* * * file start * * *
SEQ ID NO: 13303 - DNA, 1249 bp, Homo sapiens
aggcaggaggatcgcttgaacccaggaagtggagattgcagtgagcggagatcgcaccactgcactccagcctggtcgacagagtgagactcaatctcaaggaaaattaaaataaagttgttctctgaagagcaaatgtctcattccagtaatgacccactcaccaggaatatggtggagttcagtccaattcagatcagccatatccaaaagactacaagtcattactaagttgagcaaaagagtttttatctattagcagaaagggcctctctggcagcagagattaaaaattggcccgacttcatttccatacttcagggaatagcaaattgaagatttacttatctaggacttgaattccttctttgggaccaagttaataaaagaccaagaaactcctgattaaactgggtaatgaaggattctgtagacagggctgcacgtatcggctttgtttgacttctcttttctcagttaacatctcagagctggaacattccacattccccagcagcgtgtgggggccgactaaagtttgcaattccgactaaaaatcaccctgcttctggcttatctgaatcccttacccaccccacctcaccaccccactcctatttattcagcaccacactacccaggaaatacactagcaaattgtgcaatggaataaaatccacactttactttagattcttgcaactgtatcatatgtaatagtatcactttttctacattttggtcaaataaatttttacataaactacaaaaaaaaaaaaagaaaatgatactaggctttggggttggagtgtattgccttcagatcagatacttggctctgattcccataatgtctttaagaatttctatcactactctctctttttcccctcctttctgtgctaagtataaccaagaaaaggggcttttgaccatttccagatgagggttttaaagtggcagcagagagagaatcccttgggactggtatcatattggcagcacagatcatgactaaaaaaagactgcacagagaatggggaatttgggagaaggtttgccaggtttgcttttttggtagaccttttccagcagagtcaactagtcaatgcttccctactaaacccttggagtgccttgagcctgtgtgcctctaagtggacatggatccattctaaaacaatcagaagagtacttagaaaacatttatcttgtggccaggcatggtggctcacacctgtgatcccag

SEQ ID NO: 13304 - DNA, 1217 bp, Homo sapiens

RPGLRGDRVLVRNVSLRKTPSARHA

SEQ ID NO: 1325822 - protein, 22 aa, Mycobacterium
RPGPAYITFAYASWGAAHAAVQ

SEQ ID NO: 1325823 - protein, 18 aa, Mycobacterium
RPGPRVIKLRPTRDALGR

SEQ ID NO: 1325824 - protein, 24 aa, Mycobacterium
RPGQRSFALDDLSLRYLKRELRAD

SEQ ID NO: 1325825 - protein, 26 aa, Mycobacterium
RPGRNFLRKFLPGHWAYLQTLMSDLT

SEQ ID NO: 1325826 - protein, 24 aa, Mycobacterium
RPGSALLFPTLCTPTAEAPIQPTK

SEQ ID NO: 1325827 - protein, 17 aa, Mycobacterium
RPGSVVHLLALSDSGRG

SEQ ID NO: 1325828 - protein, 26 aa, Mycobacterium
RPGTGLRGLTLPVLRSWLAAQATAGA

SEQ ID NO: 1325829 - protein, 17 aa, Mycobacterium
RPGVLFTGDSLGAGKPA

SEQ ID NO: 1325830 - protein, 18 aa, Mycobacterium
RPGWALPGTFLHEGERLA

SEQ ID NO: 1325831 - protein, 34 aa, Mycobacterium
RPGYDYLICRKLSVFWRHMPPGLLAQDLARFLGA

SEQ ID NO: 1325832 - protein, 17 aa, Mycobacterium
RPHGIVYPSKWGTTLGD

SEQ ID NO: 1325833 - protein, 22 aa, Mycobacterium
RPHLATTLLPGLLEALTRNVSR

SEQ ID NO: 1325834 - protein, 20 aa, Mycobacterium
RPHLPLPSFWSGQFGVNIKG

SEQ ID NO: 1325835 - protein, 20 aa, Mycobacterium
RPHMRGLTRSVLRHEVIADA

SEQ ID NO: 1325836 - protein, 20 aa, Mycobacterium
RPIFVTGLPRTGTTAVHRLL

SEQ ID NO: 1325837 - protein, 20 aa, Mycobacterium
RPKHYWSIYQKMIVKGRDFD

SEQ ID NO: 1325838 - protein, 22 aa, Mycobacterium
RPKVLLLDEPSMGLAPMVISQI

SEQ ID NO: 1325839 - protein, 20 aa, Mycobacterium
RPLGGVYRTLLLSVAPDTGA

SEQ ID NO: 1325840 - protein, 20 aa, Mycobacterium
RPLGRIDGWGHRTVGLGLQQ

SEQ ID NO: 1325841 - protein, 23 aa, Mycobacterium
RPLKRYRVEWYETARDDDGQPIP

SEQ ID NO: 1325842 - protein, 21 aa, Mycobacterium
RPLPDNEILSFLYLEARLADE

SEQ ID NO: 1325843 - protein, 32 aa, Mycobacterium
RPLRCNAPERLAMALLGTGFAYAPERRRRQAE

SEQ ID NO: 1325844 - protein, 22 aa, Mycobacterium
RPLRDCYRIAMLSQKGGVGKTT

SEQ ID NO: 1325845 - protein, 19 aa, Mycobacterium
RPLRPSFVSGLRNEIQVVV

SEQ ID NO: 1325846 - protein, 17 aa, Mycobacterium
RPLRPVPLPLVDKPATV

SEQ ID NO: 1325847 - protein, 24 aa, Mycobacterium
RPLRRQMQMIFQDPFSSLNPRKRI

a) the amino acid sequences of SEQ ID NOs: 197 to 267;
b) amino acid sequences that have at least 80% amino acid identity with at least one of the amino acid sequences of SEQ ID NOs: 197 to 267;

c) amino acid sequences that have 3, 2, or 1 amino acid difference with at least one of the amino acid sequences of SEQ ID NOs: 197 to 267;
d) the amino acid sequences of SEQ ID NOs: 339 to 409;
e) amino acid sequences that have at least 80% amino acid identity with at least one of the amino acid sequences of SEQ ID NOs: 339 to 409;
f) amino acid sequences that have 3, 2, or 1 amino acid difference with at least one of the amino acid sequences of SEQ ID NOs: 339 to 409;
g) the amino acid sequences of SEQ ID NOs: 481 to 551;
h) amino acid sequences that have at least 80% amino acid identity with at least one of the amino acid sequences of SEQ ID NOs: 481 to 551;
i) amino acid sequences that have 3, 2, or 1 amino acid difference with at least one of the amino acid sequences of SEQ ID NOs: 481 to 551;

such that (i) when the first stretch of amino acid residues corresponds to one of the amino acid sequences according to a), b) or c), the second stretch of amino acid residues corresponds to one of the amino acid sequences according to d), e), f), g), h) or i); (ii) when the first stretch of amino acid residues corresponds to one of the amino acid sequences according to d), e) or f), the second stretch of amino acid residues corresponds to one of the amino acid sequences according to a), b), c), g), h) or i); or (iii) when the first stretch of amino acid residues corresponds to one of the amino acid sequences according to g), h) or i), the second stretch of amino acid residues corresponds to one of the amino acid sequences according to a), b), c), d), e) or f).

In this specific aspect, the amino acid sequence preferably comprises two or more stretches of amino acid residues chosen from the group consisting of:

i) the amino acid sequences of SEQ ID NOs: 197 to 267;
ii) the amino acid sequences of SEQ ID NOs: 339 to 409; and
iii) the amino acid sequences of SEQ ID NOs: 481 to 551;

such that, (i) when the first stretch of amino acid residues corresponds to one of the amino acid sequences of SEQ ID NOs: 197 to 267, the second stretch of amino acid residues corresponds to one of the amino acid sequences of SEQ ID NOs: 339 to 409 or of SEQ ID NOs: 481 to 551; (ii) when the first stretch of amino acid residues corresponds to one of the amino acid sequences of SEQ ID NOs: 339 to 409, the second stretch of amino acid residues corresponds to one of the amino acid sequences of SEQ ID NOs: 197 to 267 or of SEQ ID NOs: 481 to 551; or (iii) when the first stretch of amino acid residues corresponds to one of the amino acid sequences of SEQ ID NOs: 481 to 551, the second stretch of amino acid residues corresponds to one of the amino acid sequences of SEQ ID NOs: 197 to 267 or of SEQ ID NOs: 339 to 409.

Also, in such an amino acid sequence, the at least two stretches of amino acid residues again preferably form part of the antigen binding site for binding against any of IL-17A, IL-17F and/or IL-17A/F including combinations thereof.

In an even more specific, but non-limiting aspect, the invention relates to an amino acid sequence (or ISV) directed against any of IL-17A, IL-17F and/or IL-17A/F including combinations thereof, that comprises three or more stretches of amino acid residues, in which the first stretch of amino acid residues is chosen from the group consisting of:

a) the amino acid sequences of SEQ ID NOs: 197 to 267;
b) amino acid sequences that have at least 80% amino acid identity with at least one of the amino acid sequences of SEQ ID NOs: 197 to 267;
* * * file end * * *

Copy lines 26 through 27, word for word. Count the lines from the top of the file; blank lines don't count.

RPHGIVYPSKWGTTLGD

SEQ ID NO: 1325833 - protein, 22 aa, Mycobacterium